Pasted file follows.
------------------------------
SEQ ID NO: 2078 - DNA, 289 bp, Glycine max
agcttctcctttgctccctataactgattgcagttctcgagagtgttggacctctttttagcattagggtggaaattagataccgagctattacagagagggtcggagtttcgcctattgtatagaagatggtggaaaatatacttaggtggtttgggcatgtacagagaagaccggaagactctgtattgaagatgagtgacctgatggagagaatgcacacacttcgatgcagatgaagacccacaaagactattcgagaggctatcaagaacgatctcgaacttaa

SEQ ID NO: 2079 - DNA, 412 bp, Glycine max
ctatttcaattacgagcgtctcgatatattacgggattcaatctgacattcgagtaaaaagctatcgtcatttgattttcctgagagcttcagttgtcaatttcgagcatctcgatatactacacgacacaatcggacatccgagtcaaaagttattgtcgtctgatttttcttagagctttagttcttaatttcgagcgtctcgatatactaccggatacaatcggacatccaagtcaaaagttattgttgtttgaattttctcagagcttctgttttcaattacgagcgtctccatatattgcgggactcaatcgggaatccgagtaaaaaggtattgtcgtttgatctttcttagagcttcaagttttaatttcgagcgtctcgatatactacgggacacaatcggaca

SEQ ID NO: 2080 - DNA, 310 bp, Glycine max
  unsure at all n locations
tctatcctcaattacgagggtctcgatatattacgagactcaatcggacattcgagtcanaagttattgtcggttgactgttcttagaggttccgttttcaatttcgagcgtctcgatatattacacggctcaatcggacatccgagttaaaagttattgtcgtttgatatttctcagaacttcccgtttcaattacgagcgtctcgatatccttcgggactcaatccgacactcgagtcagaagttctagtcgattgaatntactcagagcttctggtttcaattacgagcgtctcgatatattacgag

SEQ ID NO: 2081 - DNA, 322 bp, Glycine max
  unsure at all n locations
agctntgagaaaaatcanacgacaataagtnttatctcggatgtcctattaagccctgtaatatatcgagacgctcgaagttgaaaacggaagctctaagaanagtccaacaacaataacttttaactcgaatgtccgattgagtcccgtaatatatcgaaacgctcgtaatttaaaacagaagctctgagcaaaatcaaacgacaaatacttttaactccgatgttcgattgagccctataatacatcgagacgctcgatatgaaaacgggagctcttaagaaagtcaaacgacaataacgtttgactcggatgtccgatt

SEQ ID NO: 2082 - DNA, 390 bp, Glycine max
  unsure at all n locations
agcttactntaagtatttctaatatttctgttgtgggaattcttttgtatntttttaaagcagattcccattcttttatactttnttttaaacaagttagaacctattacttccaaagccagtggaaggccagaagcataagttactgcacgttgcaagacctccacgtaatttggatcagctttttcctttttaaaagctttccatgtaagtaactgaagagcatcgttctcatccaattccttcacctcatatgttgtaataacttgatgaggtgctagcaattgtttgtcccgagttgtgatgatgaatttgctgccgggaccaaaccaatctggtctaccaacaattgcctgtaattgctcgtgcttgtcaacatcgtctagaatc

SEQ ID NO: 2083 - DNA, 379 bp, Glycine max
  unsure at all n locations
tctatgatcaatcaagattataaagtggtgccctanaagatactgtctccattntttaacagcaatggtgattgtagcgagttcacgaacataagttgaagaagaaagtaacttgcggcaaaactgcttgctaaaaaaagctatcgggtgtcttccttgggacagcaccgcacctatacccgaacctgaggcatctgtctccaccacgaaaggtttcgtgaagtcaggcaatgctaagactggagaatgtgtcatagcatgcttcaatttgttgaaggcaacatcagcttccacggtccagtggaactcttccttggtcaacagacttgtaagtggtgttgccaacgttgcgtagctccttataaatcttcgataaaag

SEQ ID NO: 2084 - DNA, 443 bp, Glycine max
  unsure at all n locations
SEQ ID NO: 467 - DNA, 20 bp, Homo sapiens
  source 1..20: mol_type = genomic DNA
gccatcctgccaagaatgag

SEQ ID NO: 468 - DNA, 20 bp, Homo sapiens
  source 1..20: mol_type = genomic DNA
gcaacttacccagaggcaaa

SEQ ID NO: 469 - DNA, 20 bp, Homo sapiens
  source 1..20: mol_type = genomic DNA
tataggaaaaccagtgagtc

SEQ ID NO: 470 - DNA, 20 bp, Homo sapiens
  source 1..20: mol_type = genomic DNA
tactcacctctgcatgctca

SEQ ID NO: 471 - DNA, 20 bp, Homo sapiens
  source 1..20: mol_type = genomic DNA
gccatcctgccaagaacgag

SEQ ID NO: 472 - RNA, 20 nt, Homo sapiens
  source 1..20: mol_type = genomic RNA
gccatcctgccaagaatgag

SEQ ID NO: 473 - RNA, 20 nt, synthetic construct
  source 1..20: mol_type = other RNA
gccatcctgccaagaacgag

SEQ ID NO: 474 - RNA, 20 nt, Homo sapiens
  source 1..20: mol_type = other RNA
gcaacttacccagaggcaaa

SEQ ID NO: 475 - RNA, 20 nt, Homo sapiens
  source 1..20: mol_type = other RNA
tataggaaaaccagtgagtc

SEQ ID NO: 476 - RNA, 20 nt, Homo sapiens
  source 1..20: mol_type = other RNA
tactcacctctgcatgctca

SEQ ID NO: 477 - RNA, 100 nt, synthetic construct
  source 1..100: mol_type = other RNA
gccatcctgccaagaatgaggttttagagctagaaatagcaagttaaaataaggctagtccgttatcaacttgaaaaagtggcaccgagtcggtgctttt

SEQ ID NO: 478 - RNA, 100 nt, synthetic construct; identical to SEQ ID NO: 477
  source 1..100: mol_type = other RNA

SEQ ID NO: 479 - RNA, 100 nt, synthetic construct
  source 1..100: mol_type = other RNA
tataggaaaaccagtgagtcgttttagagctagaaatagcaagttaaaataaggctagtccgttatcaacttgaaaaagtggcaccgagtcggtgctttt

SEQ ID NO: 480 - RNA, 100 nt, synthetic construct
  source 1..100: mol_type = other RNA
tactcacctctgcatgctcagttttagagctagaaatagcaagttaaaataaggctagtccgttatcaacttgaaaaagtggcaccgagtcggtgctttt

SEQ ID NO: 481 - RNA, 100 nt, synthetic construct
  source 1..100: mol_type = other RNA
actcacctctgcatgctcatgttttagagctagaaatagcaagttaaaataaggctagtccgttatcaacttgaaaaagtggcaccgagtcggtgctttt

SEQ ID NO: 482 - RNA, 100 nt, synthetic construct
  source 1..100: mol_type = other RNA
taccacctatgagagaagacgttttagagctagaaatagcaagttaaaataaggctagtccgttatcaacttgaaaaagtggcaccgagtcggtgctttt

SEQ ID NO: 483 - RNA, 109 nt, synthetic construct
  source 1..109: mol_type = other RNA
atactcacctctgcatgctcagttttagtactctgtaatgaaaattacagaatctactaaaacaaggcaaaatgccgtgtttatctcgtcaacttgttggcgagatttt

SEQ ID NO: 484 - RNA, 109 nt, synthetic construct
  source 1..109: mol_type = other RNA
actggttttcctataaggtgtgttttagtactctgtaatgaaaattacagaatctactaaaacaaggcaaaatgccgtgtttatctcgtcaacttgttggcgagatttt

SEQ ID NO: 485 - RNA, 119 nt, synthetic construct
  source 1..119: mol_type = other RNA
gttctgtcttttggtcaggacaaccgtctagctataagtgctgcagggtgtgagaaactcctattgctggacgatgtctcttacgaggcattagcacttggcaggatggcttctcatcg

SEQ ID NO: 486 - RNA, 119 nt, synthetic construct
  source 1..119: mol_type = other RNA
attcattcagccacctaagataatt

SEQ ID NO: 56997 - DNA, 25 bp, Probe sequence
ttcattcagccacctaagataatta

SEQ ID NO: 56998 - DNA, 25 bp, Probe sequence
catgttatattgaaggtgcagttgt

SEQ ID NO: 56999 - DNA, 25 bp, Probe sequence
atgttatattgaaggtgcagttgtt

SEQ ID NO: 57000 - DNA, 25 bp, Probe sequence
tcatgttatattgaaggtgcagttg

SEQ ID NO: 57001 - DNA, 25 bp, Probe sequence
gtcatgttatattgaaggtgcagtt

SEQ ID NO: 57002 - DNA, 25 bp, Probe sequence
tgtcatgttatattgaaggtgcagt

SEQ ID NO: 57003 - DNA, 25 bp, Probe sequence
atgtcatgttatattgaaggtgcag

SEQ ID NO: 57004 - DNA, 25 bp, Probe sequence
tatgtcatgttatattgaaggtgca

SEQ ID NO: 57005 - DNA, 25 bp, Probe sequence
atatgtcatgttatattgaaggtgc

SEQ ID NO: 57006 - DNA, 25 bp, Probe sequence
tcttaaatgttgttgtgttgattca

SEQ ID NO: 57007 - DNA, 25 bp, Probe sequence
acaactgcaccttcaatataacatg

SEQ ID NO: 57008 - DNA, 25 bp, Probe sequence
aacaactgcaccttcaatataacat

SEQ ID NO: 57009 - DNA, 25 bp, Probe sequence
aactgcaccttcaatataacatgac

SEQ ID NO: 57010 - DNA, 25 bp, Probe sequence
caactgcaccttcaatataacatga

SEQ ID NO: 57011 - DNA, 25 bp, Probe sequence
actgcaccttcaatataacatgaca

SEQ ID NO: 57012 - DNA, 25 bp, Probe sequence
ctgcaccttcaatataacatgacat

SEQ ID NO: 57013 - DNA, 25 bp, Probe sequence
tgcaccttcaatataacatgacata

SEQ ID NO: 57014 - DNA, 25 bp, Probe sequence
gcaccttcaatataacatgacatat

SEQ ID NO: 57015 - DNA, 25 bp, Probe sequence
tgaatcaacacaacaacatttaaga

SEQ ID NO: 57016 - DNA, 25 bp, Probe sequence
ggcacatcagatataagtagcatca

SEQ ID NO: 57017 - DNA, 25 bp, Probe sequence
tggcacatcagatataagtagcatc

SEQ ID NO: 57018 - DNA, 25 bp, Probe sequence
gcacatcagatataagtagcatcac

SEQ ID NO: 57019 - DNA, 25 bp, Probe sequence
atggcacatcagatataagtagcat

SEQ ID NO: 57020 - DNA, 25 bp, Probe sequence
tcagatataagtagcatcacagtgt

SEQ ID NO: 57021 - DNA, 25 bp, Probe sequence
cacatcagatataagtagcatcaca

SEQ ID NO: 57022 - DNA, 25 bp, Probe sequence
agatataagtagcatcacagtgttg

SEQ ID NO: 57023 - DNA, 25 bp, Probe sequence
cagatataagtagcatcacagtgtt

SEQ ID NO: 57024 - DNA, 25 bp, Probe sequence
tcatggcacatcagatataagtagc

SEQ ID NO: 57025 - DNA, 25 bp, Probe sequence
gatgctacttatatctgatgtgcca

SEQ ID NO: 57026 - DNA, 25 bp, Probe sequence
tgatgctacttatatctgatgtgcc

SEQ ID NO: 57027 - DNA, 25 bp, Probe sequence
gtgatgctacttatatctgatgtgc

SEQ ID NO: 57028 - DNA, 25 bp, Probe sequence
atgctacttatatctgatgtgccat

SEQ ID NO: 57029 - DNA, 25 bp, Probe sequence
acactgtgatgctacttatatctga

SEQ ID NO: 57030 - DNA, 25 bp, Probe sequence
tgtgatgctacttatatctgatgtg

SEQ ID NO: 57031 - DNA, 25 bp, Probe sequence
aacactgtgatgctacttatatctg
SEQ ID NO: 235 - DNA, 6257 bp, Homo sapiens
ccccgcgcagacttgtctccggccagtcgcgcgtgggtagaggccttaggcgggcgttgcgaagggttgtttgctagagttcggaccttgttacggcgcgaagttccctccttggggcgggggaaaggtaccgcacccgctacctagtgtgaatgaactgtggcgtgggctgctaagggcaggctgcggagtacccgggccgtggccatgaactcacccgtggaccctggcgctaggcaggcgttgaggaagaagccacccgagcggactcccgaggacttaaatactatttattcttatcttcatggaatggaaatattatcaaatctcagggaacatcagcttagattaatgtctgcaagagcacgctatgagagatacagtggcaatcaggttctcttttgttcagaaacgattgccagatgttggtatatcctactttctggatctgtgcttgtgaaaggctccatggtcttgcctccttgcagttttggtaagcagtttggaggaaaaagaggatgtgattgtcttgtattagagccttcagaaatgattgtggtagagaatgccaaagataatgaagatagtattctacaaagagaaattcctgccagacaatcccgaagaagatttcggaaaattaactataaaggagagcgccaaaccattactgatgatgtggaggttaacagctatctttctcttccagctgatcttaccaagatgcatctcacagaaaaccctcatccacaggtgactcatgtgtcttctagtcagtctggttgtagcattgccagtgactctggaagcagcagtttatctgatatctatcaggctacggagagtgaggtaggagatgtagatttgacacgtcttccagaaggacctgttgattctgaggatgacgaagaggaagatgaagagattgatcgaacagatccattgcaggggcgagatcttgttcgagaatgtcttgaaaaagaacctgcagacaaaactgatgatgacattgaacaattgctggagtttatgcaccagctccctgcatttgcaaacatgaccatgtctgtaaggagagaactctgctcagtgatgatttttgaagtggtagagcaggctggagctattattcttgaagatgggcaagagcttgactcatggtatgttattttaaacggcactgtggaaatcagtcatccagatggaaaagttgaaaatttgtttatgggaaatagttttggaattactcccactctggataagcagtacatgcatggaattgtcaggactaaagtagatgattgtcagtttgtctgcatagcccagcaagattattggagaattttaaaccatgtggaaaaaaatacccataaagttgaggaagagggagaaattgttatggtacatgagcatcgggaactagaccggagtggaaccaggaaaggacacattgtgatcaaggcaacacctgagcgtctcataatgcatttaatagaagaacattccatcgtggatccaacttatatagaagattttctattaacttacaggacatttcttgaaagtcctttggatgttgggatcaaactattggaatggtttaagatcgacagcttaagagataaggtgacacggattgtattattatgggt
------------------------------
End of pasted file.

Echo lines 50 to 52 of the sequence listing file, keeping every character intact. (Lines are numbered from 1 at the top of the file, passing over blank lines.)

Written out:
  source 1..100: mol_type = other RNA
gccatcctgccaagaatgaggttttagagctagaaatagcaagttaaaataaggctagtccgttatcaacttgaaaaagtggcaccgagtcggtgctttt

SEQ ID NO: 478 - RNA, 100 nt, synthetic construct; identical to SEQ ID NO: 477